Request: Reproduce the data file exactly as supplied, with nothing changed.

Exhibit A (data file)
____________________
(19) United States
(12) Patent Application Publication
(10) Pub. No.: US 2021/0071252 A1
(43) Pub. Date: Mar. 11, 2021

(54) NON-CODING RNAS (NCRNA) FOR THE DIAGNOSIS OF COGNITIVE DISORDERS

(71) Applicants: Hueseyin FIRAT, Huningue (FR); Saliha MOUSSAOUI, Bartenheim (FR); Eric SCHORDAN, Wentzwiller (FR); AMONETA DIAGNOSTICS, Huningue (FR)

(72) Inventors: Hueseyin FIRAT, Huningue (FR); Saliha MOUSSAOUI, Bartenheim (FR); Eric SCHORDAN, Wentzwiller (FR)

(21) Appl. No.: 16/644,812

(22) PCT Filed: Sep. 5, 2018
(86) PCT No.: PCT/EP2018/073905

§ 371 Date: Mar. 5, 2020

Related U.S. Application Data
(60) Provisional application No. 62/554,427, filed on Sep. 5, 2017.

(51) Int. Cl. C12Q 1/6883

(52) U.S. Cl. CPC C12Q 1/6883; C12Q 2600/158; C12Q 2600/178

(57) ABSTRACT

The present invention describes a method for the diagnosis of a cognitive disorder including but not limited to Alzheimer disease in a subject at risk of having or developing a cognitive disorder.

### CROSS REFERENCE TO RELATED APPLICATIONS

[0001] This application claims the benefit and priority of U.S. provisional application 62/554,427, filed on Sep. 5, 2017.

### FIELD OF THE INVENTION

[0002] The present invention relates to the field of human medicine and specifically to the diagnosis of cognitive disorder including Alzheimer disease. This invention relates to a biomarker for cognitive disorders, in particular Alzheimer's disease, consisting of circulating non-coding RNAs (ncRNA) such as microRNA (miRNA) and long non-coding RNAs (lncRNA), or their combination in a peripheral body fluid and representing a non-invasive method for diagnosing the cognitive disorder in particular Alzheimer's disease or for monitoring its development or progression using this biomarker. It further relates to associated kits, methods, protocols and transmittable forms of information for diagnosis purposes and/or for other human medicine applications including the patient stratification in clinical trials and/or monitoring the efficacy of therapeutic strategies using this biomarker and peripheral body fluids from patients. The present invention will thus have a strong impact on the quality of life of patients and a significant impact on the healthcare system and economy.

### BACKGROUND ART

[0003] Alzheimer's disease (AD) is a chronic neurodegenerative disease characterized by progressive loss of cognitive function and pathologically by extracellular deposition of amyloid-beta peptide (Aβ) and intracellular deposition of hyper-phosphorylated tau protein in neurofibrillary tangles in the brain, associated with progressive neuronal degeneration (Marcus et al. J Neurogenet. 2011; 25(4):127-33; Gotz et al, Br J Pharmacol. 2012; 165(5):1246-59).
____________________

(19) United States
(12) Patent Application Publication
(10) Pub. No.: US 2021/0071252 A1
(43) Pub. Date: Mar. 11, 2021

(54) NON-CODING RNAS (NCRNA) FOR THE DIAGNOSIS OF COGNITIVE DISORDERS

(71) Applicants: Hueseyin FIRAT, Huningue (FR); Saliha MOUSSAOUI, Bartenheim (FR); Eric SCHORDAN, Wentzwiller (FR); AMONETA DIAGNOSTICS, Huningue (FR)

(72) Inventors: Hueseyin FIRAT, Huningue (FR); Saliha MOUSSAOUI, Bartenheim (FR); Eric SCHORDAN, Wentzwiller (FR)

(21) Appl. No.: 16/644,812

(22) PCT Filed: Sep. 5, 2018
(86) PCT No.: PCT/EP2018/073905

§ 371 Date: Mar. 5, 2020

Related U.S. Application Data
(60) Provisional application No. 62/554,427, filed on Sep. 5, 2017.

(51) Int. Cl. C12Q 1/6883

(52) U.S. Cl. CPC C12Q 1/6883; C12Q 2600/158; C12Q 2600/178

(57) ABSTRACT

The present invention describes a method for the diagnosis of a cognitive disorder including but not limited to Alzheimer disease in a subject at risk of having or developing a cognitive disorder.

### CROSS REFERENCE TO RELATED APPLICATIONS

[0001] This application claims the benefit and priority of U.S. provisional application 62/554,427, filed on Sep. 5, 2017.

### FIELD OF THE INVENTION

[0002] The present invention relates to the field of human medicine and specifically to the diagnosis of cognitive disorder including Alzheimer disease. This invention relates to a biomarker for cognitive disorders, in particular Alzheimer's disease, consisting of circulating non-coding RNAs (ncRNA) such as microRNA (miRNA) and long non-coding RNAs (lncRNA), or their combination in a peripheral body fluid and representing a non-invasive method for diagnosing the cognitive disorder in particular Alzheimer's disease or for monitoring its development or progression using this biomarker. It further relates to associated kits, methods, protocols and transmittable forms of information for diagnosis purposes and/or for other human medicine applications including the patient stratification in clinical trials and/or monitoring the efficacy of therapeutic strategies using this biomarker and peripheral body fluids from patients. The present invention will thus have a strong impact on the quality of life of patients and a significant impact on the healthcare system and economy.

### BACKGROUND ART

[0003] Alzheimer's disease (AD) is a chronic neurodegenerative disease characterized by progressive loss of cognitive function and pathologically by extracellular deposition of amyloid-beta peptide (Aβ) and intracellular deposition of hyper-phosphorylated tau protein in neurofibrillary tangles in the brain, associated with progressive neuronal degeneration (Marcus et al. J Neurogenet. 2011; 25(4):127-33; Gotz et al, Br J Pharmacol. 2012; 165(5):1246-59).